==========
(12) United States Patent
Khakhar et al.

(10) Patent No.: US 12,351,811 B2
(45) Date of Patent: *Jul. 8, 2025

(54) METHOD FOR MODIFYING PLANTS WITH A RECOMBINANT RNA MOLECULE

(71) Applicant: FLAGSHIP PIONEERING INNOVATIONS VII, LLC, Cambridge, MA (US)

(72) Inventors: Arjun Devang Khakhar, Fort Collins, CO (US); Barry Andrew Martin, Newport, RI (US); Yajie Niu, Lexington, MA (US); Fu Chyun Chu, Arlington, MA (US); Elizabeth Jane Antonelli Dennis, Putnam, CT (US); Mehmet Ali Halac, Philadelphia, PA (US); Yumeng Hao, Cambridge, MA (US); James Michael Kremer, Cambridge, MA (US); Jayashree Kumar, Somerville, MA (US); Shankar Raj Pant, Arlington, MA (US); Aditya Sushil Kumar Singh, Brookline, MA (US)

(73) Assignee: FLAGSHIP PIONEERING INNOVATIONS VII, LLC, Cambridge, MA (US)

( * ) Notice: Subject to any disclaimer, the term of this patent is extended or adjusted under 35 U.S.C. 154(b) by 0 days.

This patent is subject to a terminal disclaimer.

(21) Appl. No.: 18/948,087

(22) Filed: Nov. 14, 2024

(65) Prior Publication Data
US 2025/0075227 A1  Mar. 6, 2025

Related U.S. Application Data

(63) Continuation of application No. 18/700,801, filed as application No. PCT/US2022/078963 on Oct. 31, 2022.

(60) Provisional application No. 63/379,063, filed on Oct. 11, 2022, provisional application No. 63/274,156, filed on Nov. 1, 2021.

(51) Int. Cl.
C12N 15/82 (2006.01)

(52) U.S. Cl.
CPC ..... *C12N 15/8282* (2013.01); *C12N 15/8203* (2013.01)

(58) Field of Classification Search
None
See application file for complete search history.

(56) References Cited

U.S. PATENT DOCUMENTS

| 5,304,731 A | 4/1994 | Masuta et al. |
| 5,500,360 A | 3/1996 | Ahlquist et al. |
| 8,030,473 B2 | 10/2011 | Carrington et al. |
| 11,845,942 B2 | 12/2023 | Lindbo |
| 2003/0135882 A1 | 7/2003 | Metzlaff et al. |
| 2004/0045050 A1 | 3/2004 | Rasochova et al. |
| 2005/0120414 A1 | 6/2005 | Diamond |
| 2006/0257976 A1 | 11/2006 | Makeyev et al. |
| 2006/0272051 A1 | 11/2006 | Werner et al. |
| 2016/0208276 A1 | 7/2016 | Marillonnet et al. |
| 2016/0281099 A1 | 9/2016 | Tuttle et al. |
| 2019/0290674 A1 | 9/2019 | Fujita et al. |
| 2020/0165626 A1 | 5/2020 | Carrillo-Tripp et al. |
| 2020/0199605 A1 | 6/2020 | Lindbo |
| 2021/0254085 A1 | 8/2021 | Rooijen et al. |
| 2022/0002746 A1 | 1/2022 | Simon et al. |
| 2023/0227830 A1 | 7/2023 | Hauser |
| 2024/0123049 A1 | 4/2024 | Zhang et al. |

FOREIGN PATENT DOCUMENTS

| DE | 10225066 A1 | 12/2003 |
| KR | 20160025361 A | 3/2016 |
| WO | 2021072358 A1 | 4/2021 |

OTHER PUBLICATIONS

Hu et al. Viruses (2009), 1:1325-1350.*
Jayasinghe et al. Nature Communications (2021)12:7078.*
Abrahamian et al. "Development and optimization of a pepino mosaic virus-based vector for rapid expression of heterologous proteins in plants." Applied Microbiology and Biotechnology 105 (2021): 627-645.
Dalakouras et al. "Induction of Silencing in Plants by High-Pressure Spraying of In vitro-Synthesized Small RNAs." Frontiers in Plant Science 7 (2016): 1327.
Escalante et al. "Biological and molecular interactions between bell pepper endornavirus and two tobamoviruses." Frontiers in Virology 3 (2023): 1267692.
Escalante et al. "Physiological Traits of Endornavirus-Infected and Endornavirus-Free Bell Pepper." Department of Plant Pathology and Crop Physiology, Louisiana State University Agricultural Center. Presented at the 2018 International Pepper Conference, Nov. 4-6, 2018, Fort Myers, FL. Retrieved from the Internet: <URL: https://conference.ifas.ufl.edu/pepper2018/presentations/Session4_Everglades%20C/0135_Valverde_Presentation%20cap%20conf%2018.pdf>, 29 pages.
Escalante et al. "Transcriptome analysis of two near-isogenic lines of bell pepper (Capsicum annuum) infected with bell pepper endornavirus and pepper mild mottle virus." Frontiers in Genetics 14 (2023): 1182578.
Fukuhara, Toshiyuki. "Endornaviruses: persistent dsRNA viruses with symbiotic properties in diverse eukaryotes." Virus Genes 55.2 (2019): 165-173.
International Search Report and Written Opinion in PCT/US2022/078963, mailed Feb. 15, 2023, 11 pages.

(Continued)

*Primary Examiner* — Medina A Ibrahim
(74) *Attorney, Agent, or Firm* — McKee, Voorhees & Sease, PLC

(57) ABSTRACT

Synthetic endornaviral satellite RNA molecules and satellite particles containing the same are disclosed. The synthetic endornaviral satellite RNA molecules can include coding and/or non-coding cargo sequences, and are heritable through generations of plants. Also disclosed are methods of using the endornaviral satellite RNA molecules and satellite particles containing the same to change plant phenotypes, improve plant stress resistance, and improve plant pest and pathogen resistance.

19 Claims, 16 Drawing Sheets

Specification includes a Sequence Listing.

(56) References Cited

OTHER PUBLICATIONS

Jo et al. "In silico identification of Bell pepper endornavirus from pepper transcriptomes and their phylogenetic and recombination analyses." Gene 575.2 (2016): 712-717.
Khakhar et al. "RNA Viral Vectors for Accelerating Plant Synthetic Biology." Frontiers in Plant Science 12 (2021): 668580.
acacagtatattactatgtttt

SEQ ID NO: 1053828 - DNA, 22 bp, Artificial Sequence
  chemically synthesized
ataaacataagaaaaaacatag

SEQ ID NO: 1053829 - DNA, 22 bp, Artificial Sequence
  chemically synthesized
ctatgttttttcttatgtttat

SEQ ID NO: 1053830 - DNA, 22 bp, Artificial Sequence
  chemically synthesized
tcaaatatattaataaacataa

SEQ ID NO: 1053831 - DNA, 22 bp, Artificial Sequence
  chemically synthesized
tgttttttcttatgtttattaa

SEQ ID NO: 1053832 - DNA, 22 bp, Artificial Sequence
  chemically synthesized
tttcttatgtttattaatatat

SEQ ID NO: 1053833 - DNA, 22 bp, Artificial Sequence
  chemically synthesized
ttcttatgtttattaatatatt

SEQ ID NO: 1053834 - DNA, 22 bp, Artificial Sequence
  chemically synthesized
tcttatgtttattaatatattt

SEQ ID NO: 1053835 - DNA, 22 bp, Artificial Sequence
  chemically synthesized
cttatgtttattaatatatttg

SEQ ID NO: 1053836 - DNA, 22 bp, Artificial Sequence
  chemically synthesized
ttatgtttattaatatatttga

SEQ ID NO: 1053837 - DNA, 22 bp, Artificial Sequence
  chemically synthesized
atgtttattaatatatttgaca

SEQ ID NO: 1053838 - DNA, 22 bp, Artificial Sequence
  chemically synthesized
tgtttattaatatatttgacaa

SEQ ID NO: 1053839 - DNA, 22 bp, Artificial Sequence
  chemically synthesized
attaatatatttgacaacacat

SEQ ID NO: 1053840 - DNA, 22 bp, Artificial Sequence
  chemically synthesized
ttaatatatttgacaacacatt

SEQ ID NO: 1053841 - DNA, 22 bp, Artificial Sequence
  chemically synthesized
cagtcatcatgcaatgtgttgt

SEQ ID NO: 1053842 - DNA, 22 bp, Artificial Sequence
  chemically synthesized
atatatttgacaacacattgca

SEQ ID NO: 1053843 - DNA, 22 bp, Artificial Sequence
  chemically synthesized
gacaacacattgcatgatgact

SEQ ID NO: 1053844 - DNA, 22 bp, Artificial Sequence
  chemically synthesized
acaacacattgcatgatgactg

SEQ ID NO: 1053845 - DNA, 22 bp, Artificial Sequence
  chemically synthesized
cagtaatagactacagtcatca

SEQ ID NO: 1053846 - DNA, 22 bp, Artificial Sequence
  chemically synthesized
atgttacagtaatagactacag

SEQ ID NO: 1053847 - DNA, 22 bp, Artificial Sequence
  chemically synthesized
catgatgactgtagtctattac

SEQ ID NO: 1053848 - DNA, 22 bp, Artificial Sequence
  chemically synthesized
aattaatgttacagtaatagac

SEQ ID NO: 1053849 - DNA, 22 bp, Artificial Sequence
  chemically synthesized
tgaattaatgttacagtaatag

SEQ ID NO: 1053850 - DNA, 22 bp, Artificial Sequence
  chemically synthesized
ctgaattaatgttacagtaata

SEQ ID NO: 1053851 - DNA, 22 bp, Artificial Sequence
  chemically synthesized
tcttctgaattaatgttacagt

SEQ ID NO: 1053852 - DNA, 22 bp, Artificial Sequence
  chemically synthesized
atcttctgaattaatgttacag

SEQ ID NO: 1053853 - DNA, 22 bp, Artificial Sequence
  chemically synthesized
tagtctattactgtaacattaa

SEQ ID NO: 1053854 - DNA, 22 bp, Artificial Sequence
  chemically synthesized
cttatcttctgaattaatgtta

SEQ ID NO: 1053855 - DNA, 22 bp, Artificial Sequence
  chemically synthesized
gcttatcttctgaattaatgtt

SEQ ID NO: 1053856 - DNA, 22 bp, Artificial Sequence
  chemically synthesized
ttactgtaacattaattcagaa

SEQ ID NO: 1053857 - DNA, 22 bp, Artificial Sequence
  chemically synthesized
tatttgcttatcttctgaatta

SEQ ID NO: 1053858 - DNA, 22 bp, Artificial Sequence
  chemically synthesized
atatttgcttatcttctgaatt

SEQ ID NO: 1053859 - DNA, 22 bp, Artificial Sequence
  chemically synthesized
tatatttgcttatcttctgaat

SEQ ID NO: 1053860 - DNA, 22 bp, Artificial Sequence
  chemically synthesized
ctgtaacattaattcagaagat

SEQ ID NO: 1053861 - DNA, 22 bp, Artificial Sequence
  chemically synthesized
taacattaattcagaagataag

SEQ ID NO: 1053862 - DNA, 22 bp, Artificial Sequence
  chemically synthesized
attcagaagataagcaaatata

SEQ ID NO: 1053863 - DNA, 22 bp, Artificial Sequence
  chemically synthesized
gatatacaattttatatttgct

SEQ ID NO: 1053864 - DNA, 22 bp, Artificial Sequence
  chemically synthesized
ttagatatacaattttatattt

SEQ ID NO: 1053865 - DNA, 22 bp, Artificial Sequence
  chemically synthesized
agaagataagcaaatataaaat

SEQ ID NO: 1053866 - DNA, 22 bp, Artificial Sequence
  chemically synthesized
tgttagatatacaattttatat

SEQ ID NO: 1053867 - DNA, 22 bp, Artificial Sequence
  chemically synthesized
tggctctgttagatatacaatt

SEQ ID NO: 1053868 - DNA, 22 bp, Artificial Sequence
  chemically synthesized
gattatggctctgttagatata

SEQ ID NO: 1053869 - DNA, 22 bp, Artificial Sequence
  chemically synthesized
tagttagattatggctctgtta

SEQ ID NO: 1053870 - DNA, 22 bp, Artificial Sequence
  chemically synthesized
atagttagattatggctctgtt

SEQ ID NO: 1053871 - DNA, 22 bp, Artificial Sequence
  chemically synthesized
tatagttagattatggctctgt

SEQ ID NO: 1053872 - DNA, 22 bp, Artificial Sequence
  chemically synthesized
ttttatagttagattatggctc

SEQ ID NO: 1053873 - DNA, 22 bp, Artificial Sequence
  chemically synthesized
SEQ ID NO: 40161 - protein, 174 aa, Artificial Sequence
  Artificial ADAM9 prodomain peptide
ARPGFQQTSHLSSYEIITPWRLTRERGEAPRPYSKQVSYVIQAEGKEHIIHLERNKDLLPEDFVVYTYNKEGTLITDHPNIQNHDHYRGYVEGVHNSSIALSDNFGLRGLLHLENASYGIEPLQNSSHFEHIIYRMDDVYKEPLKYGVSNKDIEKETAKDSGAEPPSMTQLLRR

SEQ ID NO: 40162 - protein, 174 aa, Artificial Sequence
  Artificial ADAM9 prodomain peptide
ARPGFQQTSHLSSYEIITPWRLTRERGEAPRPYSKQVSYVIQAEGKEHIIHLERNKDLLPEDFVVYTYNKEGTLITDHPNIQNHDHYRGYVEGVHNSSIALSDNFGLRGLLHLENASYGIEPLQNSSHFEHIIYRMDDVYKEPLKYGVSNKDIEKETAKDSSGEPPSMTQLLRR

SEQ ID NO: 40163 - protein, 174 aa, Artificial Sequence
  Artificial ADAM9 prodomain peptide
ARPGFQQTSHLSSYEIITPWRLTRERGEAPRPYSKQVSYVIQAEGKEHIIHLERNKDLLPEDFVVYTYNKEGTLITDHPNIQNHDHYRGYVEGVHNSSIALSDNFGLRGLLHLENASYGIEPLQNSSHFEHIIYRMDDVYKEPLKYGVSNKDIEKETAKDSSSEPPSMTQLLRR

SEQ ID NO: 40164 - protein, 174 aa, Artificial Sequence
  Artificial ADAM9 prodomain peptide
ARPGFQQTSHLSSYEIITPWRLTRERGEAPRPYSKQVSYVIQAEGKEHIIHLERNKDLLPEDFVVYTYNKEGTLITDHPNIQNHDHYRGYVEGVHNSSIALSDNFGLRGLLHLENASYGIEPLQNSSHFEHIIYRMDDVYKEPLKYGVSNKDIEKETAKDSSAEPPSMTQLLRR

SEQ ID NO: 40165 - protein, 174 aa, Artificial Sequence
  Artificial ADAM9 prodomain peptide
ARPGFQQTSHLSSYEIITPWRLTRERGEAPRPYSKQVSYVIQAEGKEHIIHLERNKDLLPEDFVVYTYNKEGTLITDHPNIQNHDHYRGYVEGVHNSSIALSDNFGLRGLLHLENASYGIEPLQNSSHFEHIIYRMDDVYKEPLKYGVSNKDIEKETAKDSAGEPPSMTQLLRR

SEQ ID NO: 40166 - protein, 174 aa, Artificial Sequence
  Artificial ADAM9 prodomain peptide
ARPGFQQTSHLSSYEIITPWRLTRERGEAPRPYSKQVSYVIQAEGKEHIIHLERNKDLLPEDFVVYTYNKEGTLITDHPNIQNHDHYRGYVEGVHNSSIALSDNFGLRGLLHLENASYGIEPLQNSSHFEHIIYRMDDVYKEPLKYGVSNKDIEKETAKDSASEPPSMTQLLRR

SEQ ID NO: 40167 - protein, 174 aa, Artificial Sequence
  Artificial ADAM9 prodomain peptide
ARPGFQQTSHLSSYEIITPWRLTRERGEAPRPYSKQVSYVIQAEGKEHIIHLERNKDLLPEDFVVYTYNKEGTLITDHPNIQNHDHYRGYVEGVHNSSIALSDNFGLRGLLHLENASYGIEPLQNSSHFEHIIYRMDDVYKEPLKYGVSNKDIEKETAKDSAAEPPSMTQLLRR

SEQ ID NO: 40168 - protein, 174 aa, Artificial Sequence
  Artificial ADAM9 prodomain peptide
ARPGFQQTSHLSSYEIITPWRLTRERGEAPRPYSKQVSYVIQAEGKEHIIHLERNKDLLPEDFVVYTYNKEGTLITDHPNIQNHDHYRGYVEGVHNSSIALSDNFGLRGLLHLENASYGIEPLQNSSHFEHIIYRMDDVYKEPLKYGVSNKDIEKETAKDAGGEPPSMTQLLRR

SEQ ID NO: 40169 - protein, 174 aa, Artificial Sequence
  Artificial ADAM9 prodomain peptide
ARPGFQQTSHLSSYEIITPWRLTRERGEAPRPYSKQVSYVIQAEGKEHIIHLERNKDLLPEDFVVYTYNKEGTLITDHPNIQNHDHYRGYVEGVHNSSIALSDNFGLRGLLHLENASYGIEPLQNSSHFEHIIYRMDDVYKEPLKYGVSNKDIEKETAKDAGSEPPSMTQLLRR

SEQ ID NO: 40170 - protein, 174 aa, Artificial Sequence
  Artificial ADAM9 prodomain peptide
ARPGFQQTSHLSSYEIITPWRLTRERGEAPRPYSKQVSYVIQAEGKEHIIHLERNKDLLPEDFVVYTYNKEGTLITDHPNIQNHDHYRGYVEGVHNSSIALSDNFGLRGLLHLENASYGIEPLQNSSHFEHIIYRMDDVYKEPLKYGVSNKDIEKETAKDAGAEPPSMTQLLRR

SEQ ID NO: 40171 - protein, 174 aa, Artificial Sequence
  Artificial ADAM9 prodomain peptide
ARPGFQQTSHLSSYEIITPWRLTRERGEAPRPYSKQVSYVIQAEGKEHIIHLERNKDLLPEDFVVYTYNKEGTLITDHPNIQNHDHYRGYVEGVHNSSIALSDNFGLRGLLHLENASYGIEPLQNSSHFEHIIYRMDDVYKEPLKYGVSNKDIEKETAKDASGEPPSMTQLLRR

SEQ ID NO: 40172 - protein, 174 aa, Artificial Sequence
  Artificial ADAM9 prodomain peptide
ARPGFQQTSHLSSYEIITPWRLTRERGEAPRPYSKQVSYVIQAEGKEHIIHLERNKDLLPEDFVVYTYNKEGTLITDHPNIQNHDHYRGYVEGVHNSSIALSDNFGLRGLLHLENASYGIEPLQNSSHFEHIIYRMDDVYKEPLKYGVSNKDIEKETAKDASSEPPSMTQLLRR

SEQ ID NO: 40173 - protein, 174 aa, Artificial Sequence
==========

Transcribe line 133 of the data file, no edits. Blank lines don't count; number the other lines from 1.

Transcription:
aattaatgttacagtaatagac